VW USA perfectly blends its rich history with future tech.
2020 will see the Volkswagen e-Golf depart this world. As everybody gears up for the recently unveiled Golf 8 to hit the streets, VW has cut back on the remaining Mk 7 Golf models, leaving only the standard model remaining. But with the e-Golf gone, Volkswagen of America saw fit to use the car as a technological donor for an uber-cool project that blends the car's historic icons with their focus on electrification going forward. In partnership with conversion specialist EV West, they built a unique electrified Volkswagen Type 2 Bus from 1972, adding another car to the recent list of classics that are being boosted by electrification.
The VW Kombi was one of the brand's most iconic models, surviving decades of abuse and love across the world before it eventually went out of production in 2014. The Type 2 is one of the most special of these vans, renowned for its rear-engine setup, cult classic following, and of course, being the van of choice for hippies in the 1970s.
This particular 1972 model has been immaculately restored - at least visually - before it was handed over to EV West. According to Mathew Renna, VP G4 of Volkswagen's North American Region, "Their passion for classic-car culture and commitment to renewable energy made EV West the ideal choice for this project." He went on to state that there was no one better to see if the e-Golf powertrain would be a perfect fit in their older vehicles, citing that "it's great to see that the spirit of hot rodding is going to live on into the electric age."
EV West professionally-harvested powertrain from the e-Golf includes the 35.8 kWh battery system from a 2017 model, giving the e-Bus, as it's been christened, a range of approximately 125 miles. Sticking true to tradition, the electric componentry has been put into the place once occupied at the rear of the van by the 60-horsepower four-cylinder engine that originally powered the Type 2. It's a perfect platform and orientation, too, as the independent suspension of the Type 2 Bay Window made it perfect for the transverse driveline, contained in a single unit housing a 100 kW (134 hp) synchronous AC permanent electric motor, one-speed gearbox, and charging equipment. The battery units are contained inside custom-made enclosures that have been engineered and reinforced to be fireproof and are located beneath the front seats and in the space previously occupied by the fuel tank.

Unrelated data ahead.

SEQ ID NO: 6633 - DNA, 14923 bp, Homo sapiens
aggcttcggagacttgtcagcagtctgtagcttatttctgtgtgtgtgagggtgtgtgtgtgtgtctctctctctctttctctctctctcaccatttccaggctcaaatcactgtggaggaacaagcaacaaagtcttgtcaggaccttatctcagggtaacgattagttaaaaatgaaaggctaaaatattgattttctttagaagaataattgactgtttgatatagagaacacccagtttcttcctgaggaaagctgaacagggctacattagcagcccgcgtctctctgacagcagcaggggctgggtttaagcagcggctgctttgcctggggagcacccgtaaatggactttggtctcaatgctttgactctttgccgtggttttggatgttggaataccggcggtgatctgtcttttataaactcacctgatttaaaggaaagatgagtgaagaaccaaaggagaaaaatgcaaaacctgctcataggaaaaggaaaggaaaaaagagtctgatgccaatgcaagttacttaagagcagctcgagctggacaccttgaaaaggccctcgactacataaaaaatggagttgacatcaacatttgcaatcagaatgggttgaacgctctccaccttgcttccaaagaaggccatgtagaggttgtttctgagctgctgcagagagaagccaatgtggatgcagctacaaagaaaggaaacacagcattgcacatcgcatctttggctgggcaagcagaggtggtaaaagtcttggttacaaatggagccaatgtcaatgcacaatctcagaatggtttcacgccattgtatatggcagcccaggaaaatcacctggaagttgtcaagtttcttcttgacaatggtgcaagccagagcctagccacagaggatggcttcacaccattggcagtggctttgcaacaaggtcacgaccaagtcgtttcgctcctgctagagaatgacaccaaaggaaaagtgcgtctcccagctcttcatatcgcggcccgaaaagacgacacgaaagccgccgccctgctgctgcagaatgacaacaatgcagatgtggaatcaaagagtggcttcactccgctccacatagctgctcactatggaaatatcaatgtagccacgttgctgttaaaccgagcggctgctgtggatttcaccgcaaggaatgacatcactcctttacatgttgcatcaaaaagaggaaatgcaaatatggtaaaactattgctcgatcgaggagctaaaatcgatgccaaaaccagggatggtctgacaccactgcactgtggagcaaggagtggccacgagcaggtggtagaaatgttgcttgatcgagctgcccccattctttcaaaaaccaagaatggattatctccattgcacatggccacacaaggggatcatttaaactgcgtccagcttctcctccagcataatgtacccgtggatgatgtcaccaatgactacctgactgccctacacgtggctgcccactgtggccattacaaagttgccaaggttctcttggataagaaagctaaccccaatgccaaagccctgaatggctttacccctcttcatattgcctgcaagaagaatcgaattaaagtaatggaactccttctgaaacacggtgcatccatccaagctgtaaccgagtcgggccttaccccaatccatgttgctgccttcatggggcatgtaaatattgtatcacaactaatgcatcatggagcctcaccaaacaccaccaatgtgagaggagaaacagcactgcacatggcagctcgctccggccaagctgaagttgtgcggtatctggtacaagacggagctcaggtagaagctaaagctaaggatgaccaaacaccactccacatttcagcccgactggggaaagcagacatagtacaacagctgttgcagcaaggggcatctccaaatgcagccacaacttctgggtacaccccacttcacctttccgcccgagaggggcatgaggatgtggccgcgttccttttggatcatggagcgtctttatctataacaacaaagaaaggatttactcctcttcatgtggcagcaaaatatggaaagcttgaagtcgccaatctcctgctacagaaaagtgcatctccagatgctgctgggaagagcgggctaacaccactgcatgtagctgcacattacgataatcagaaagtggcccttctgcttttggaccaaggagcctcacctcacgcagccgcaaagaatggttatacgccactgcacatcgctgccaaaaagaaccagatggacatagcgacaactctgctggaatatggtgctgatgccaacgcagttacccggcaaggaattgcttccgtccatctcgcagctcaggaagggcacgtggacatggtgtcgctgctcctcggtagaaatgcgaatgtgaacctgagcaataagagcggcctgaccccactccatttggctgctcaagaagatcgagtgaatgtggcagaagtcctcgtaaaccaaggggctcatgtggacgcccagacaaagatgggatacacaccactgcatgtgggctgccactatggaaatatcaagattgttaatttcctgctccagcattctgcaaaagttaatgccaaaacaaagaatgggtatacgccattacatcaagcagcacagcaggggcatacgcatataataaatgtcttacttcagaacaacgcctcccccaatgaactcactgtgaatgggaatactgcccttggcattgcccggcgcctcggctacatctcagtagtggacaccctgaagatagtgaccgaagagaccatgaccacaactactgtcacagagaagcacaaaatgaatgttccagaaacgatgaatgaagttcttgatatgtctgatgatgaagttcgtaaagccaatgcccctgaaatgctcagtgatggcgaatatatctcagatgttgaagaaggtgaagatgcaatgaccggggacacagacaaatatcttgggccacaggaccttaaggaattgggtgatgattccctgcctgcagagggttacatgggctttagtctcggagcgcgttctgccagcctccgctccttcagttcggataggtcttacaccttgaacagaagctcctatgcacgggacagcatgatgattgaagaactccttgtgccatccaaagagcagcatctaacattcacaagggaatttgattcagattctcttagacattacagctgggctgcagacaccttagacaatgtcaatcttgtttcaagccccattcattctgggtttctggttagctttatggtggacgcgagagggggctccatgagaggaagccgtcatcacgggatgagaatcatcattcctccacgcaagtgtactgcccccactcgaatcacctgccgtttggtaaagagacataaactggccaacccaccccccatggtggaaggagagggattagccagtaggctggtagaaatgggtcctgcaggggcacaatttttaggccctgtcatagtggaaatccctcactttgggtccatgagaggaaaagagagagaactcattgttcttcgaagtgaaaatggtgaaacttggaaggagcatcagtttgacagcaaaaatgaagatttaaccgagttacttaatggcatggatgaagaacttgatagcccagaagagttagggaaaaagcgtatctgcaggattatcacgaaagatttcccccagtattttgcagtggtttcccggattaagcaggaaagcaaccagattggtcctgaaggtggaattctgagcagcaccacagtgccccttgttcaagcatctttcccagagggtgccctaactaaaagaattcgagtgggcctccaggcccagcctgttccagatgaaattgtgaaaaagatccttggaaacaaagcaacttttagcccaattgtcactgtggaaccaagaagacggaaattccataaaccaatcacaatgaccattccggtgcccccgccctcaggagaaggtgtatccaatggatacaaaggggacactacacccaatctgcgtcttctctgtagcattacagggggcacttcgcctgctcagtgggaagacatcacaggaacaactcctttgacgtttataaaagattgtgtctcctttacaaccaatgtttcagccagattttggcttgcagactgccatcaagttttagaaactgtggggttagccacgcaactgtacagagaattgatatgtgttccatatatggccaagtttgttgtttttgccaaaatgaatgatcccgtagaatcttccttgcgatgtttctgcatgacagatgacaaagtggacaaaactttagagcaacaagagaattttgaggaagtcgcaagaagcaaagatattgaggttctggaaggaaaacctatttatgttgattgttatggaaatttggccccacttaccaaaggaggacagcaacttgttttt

They even kept the original long-throw manual gear shift lever, but instead of rowing between the gears, it now actuates the five available modes: Park, Reverse, Neutral, Drive, and Regenerative Braking (PRNDB) - modes taken directly from the e-Golf. The gauges and instrumentation had to be revamped, too, but the multi-function digital EV gauge in the dashboard has been classically styled to give it an authentic feel. The final touches have been added to the exterior for a truly authentic Type 2 experience, with the exterior painted Kansas Beige and Pastel White.
Michael Bream, founder and CEO of EV West, said, "We are very excited to be a part of this project. Merging a historic model from an iconic brand with the technology of today is just one of many ways that we can step closer to a more sustainable future while continuing to enjoy our rich automotive heritage."
The e-Bus is currently on display at the Petersen Automotive Museum in LA as part of a rooftop display.